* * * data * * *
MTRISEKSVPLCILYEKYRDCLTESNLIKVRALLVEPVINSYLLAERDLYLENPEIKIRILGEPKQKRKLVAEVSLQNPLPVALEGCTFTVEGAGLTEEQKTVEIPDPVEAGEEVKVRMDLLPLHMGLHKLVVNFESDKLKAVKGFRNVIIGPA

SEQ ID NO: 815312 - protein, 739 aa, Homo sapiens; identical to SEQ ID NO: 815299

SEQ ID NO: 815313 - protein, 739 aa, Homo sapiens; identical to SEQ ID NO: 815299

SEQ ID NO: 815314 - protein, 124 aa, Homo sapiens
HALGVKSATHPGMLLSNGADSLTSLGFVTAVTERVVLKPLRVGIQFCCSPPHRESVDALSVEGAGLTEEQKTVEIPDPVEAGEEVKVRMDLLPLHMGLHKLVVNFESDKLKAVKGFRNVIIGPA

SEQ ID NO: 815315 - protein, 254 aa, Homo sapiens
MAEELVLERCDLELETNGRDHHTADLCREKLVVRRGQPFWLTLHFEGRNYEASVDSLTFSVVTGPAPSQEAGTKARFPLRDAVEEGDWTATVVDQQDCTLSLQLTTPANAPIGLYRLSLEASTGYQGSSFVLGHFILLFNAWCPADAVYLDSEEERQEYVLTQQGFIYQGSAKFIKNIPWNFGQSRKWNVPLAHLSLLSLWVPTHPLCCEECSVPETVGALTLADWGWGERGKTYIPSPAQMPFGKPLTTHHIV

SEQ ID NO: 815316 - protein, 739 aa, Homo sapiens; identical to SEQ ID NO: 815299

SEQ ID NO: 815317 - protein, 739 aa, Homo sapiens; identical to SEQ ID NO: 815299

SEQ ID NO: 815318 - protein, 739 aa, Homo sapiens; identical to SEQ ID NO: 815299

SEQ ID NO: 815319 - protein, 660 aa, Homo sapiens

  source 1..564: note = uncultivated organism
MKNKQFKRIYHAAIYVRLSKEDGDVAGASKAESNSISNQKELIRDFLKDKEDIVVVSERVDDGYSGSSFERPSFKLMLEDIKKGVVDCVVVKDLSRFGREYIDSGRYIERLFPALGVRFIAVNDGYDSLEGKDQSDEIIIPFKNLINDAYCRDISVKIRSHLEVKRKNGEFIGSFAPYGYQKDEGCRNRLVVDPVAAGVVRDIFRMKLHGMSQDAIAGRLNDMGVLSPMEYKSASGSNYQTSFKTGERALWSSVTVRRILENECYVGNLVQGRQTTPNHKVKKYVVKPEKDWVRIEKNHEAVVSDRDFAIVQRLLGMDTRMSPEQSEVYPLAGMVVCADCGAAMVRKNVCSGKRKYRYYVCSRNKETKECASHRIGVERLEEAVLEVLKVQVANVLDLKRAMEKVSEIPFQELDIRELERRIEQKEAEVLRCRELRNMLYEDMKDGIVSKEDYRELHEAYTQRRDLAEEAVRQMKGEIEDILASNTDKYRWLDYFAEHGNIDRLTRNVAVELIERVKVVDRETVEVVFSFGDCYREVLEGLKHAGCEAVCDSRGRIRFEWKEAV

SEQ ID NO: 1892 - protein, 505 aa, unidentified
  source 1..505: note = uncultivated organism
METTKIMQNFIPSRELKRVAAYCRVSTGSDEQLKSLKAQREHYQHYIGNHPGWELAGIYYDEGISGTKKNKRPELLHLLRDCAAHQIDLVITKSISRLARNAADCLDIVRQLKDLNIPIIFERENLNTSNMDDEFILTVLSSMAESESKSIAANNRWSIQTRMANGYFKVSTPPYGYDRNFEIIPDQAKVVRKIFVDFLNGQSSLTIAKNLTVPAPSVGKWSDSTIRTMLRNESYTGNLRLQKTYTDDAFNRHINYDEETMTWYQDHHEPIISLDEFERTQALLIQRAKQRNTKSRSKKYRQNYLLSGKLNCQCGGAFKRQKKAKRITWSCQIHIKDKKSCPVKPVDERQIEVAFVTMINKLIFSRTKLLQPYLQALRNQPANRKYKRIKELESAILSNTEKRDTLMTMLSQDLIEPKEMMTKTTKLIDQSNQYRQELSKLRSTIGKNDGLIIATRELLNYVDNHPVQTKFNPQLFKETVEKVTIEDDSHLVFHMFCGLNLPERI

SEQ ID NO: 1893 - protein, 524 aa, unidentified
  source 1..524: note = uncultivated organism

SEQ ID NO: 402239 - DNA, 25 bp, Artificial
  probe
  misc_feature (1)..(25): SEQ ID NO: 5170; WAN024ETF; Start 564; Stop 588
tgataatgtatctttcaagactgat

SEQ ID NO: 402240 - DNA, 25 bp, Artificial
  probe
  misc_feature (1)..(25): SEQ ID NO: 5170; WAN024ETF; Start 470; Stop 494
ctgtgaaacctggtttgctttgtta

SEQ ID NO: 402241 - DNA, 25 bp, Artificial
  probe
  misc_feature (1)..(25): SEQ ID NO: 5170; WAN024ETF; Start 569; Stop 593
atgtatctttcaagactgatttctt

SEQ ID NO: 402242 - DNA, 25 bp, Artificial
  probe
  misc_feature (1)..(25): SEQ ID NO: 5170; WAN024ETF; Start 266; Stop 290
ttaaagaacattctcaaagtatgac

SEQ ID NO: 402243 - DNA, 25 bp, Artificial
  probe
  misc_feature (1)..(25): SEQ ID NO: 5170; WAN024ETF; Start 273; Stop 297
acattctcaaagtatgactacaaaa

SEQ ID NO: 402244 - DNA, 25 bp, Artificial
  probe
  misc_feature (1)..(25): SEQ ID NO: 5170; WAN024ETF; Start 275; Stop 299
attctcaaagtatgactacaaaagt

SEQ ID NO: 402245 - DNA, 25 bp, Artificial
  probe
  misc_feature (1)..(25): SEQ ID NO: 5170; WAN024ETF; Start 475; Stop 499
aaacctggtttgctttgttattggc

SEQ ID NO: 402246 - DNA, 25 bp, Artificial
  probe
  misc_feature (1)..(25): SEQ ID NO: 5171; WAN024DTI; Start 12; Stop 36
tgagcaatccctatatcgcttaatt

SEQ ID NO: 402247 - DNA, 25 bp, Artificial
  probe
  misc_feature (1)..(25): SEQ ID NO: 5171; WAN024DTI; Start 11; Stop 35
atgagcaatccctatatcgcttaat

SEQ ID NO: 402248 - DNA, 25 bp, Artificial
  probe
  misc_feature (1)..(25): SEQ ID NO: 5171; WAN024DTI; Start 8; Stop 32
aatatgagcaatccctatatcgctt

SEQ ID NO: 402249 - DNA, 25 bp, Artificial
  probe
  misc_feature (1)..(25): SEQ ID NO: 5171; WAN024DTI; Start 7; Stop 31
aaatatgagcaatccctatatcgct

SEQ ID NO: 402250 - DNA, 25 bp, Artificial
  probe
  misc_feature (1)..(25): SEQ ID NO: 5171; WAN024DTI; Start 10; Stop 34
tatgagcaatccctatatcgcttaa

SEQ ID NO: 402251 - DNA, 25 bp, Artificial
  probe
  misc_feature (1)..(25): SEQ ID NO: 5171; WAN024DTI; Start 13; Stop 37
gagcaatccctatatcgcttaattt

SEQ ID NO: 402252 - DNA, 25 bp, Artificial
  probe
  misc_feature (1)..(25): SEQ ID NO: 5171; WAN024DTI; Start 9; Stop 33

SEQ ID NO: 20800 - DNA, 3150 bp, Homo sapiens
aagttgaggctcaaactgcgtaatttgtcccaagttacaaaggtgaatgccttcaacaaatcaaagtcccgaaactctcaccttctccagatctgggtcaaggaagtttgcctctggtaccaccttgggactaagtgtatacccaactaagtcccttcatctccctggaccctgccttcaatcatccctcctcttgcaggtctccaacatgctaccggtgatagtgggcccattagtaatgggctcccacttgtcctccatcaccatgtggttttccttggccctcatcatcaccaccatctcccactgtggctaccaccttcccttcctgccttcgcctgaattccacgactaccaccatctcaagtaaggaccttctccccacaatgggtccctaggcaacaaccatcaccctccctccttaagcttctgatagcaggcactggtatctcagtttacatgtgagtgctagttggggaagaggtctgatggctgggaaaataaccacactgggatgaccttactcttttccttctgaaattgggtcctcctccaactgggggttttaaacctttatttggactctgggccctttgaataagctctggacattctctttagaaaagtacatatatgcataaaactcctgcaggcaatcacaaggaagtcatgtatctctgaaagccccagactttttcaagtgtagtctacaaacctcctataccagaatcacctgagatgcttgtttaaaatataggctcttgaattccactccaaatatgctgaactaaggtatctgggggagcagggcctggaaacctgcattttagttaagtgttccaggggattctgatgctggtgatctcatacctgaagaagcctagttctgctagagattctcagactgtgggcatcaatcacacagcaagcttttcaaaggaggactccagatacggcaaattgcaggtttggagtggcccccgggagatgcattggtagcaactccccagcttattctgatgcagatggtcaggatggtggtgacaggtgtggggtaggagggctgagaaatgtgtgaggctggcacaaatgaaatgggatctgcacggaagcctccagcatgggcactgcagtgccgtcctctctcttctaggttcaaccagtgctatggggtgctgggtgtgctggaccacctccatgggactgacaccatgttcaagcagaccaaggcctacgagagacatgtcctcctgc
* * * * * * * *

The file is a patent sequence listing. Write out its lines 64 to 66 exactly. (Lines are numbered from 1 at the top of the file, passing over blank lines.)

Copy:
  probe
  misc_feature (1)..(25): SEQ ID NO: 5171; WAN024DTI; Start 10; Stop 34
tatgagcaatccctatatcgcttaa